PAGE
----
Jim Carr, president and CEO of the Business Council of Manitoba agrees with us. He said that the business council sees Churchill as more than a port for grain, but as the Arctic gateway.

When our new bill is passed, the port of Churchill will remain an important shipping option. It is no secret that our government has already provided significant support to the port over the years, and we will continue to support it for use by businesses across the Prairies.

I have met with the Hudson Bay Route Association. Many of the municipalities in my constituency belong, and they see some tremendous opportunities.

As part of our ongoing commitment to farmers and the importance of the port as a shipping option, our government is making significant investments to ease this transition and help the port continue to be a viable northern shipping gateway.

We will provide an economic incentive of up to $5 million per year over the five year transition period. Our government will also provide support through funding of up to $4.1 million over three years to sustain infrastructure improvements and maintenance of the port during this transition period.

In addition, projects with the Churchill Gateway Development Corporation will be given more time to finish, with an extension of two years, or until 2015.

These significant investments are complementary to our other strategic investments, such as Transport Canada earmarking more than $13 million to implement upgrades to the Churchill airport. This is in addition to operating the Churchill airport and subsidizing VIA Rail service.

Since 2007 the government has also committed $20 million for rail line improvements, $4 million for port improvements and $1 million for marketing and development of the port.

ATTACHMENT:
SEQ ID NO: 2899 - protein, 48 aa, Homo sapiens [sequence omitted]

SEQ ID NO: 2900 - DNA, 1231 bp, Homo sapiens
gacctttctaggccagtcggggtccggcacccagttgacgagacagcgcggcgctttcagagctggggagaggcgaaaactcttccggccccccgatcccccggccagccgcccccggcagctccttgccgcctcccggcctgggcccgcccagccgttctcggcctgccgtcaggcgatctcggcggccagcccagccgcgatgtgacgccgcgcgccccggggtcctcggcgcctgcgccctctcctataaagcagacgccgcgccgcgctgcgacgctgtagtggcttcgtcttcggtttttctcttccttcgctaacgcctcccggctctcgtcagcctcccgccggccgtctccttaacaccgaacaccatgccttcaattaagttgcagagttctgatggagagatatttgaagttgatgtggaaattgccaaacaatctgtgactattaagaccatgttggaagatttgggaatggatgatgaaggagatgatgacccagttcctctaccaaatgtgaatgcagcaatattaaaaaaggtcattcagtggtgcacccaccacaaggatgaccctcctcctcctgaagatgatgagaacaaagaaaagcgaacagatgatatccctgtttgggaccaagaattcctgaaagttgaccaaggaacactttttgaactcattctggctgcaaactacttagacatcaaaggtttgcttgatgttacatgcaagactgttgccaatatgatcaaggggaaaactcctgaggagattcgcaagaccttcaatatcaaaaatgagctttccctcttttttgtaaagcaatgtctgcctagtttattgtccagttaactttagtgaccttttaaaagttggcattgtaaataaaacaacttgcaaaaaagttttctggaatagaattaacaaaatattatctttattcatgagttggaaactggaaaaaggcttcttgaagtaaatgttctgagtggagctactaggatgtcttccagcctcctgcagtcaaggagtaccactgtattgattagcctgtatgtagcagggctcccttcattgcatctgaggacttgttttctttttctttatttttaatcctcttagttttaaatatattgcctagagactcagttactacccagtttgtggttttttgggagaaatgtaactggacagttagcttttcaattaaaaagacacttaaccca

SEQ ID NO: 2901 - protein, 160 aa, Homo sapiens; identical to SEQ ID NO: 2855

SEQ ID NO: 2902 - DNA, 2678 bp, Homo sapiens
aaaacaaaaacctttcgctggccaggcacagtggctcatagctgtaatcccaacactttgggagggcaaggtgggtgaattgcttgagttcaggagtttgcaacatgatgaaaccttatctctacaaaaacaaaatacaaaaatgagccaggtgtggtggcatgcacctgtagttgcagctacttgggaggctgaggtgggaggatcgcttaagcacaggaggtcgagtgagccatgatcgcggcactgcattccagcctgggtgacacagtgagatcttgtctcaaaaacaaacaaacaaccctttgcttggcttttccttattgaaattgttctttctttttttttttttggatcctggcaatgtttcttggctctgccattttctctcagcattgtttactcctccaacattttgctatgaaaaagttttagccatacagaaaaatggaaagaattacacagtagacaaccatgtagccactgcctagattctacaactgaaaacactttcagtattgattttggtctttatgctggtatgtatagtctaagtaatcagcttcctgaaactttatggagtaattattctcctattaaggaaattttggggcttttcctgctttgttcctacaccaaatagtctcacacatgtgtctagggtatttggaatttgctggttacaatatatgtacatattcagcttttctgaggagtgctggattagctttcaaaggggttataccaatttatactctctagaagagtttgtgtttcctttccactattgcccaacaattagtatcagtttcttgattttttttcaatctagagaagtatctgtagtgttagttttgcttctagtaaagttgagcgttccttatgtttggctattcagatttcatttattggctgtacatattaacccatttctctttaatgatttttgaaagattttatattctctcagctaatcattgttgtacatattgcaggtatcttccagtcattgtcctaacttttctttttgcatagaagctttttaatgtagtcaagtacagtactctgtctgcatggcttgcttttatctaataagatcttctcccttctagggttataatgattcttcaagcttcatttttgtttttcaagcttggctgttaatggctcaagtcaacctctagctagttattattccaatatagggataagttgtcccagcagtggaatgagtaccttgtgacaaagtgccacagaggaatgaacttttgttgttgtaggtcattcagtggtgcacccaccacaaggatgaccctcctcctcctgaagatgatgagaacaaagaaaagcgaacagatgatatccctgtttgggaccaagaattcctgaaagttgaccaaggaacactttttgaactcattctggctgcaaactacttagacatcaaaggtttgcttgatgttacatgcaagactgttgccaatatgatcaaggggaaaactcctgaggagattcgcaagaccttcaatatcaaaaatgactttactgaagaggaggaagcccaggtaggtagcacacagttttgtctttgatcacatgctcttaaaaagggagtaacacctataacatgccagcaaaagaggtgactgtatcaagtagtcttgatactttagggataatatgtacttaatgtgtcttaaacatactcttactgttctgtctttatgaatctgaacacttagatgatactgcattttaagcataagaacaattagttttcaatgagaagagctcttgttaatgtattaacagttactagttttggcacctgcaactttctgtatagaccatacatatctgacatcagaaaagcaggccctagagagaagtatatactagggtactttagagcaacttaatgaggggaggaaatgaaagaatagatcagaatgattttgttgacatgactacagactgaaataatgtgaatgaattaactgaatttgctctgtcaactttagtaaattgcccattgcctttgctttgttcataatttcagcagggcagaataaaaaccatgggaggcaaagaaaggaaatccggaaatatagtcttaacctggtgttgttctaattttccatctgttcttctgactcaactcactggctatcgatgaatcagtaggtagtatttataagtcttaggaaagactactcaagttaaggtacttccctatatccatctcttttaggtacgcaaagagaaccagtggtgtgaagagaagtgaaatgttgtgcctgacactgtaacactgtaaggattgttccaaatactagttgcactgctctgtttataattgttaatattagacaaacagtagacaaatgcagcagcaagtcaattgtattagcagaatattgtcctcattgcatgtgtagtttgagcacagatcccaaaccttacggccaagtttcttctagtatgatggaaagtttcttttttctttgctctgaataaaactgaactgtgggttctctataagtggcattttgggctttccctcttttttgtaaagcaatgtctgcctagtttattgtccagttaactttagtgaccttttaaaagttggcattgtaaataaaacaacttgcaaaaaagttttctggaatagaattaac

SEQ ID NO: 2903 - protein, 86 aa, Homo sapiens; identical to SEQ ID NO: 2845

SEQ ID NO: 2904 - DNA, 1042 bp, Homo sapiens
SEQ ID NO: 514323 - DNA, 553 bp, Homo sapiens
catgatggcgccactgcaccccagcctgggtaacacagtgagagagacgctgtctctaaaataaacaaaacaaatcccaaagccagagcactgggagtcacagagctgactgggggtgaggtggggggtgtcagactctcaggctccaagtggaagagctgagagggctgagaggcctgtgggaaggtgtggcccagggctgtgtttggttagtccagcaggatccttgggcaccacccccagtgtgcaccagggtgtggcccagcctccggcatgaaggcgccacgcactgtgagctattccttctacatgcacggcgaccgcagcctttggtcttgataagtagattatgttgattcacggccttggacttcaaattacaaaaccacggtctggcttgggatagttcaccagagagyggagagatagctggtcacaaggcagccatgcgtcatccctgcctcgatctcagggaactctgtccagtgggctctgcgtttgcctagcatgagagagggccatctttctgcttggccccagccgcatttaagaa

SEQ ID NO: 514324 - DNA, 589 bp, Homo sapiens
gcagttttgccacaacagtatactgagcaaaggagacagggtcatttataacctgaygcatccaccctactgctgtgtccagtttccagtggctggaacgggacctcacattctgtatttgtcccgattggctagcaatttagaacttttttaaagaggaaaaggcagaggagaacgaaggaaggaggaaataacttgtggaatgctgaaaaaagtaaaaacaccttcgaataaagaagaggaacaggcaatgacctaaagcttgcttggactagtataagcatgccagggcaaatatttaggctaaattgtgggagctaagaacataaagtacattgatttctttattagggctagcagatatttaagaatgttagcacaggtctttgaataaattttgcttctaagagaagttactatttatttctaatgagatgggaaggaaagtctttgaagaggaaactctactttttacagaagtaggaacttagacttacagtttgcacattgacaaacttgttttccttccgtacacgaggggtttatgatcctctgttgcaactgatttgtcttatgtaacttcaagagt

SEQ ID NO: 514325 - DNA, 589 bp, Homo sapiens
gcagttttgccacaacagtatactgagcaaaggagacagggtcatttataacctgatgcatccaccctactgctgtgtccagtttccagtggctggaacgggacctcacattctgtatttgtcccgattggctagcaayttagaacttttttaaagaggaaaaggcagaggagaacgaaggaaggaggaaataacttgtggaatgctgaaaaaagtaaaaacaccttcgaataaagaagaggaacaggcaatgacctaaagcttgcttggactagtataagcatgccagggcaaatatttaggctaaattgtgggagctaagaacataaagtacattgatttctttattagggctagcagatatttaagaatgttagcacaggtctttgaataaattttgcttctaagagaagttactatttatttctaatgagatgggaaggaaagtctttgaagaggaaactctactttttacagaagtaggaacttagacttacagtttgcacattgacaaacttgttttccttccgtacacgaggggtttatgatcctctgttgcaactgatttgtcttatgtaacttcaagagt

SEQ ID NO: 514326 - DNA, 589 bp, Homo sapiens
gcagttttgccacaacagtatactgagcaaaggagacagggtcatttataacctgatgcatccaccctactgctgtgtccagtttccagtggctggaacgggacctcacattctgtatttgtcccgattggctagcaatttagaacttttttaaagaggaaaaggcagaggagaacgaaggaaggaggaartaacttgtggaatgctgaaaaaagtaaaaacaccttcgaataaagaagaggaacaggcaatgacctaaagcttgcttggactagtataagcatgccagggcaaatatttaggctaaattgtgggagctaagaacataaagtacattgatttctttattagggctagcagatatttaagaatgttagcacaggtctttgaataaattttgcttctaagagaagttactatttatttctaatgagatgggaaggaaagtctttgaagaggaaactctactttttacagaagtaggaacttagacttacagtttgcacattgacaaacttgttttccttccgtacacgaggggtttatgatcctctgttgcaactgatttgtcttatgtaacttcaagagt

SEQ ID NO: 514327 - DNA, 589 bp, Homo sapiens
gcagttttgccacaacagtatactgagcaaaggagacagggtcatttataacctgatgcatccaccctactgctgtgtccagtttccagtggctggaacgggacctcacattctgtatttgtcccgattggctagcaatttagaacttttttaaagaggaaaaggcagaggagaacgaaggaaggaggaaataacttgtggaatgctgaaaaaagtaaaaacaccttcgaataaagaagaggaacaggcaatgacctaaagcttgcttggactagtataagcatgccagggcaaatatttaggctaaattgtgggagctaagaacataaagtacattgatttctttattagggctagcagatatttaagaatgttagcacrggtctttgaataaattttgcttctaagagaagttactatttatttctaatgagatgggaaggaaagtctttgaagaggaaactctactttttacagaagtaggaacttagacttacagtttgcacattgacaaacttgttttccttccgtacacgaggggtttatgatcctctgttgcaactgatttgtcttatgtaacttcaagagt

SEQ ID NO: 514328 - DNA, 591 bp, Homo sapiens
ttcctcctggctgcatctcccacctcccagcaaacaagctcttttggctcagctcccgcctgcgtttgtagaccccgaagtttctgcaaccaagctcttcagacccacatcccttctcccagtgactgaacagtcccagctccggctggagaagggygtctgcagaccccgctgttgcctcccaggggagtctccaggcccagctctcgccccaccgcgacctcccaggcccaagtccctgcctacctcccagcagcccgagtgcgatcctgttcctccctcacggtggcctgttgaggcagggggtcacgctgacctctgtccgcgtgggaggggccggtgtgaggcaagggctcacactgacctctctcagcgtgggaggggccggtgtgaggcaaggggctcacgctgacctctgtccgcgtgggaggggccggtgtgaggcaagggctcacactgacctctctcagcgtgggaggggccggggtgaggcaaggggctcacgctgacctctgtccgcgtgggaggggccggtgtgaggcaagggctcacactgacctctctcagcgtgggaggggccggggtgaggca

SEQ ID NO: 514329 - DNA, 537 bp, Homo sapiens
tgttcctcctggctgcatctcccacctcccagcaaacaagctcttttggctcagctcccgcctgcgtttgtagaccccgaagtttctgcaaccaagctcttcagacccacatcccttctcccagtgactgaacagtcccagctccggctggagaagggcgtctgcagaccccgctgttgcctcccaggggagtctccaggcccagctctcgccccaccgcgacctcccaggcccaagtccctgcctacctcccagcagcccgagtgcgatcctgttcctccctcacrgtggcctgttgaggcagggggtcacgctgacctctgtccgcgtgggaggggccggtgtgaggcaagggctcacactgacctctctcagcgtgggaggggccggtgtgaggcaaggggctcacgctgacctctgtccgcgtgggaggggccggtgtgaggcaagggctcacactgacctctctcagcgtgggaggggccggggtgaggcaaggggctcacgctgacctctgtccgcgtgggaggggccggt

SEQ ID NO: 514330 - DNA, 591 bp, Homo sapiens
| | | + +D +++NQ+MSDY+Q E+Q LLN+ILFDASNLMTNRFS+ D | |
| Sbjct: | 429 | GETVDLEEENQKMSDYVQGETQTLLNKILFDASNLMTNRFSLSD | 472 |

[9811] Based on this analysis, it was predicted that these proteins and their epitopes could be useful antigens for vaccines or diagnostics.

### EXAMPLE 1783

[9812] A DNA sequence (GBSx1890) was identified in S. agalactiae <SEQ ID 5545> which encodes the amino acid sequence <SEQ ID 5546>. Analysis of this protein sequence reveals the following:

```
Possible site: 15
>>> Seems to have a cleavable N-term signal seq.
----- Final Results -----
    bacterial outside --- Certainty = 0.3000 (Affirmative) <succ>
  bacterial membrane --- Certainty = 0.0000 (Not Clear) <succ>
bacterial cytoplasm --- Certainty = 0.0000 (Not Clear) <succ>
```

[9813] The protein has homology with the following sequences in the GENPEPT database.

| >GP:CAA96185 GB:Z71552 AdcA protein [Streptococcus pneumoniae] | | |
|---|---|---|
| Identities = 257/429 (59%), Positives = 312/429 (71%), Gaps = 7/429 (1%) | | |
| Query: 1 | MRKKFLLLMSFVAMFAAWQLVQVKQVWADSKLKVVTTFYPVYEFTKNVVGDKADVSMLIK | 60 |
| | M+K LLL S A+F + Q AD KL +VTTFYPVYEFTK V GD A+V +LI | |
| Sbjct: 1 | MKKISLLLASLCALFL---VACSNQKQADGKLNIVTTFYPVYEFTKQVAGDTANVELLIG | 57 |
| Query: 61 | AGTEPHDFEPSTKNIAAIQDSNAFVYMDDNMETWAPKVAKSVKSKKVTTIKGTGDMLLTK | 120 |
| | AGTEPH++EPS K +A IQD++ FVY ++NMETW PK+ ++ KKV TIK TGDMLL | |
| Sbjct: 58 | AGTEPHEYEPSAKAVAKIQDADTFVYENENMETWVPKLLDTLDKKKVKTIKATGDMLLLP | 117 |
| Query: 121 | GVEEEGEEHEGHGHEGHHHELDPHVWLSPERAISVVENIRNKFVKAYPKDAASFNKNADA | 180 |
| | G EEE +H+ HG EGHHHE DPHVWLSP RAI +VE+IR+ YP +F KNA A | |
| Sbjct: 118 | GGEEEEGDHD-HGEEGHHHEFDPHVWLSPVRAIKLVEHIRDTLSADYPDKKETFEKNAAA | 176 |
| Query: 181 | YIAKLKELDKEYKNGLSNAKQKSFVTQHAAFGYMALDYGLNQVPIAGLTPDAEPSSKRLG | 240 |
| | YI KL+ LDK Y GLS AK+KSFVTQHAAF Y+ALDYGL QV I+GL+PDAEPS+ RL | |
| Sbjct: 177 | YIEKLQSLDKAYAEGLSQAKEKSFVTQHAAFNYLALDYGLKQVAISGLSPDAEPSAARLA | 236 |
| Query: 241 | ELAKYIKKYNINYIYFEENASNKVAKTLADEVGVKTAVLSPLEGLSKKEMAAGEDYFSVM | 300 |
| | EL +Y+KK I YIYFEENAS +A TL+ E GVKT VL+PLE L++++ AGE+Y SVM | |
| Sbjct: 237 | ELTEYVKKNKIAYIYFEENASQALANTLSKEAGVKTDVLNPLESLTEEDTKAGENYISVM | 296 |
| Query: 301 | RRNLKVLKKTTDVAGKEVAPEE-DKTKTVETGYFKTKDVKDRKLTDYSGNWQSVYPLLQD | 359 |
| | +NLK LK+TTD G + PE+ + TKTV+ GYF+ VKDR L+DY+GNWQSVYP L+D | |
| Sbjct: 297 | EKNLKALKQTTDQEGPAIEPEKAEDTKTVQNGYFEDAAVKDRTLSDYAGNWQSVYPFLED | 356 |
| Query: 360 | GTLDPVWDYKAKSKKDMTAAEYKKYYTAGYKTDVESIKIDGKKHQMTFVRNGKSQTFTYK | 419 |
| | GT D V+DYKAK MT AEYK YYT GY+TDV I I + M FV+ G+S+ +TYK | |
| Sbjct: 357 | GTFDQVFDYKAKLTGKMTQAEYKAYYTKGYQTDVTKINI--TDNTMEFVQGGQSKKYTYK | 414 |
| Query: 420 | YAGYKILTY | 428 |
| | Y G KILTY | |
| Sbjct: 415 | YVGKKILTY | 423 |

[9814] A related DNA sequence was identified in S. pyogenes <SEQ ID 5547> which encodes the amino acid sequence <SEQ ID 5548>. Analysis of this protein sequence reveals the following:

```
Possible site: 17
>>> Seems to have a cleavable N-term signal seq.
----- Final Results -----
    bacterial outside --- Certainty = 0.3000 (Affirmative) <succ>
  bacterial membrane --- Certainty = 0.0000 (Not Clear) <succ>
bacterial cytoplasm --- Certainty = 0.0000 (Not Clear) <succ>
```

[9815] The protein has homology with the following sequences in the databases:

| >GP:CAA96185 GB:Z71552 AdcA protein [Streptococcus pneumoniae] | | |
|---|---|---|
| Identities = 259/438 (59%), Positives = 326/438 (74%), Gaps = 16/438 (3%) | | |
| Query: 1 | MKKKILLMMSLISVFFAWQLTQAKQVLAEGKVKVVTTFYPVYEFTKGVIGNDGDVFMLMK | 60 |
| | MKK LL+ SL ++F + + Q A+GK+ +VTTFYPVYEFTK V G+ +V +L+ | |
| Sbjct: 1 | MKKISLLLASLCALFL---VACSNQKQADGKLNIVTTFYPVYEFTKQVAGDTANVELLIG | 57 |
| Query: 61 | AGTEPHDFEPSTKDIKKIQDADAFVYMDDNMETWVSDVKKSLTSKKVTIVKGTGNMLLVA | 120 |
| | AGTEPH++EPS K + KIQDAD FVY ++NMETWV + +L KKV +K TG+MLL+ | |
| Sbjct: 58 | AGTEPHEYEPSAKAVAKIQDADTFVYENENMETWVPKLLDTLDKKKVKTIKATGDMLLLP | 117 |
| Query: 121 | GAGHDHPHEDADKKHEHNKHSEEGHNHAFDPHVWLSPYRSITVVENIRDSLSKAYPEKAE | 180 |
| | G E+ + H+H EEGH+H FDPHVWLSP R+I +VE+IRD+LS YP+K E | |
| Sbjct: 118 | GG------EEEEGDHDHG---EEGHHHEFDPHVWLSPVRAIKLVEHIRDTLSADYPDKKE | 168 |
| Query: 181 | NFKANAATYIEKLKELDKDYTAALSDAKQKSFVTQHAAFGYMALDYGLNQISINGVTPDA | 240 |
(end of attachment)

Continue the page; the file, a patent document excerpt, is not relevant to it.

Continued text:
I will finish with a quote from Mike Spence, the mayor of Churchill, who said:

I'm the type of person who is always optimistic. I'm looking in a positive direction, hoping that we'll be able to secure more grain and the port will diversify.... I think we can do that.

Marketing Freedom for Grain Farmers Act
Government Orders

1:05 p.m.

NDP

Pierre-Luc Dusseault Sherbrooke, QC

Mr. Speaker, I am pleased to be able to ask a government member a question, because this is an important one that we often forget to ask. It has to do with something that all Canadians have a right to know: the cost of dismantling the Canadian Wheat Board. Many numbers have been tossed around, but I think a government member like him should be able to tell us exactly how much it will cost. Canadians have a right to know that information in order to decide if they agree with the government's position.

Marketing Freedom for Grain Farmers Act
Government Orders

1:10 p.m.

Conservative

Robert Sopuck Dauphin—Swan River—Marquette, MB

Mr. Speaker, those of us on this side of the House certainly agree that nothing comes for free, but, having said that, the benefits of dismantling the board and allowing farmers marketing freedom will greatly outweigh any costs that may occur.

Transitions for many people and change for many organizations is difficult, but if the Wheat Board is as good as it says it is, a voluntary board where farmers will have marketing choice to either use the board or use the open market will allow the market to sort that particular decision out. Overall, there will be a net benefit to western Canada with this change.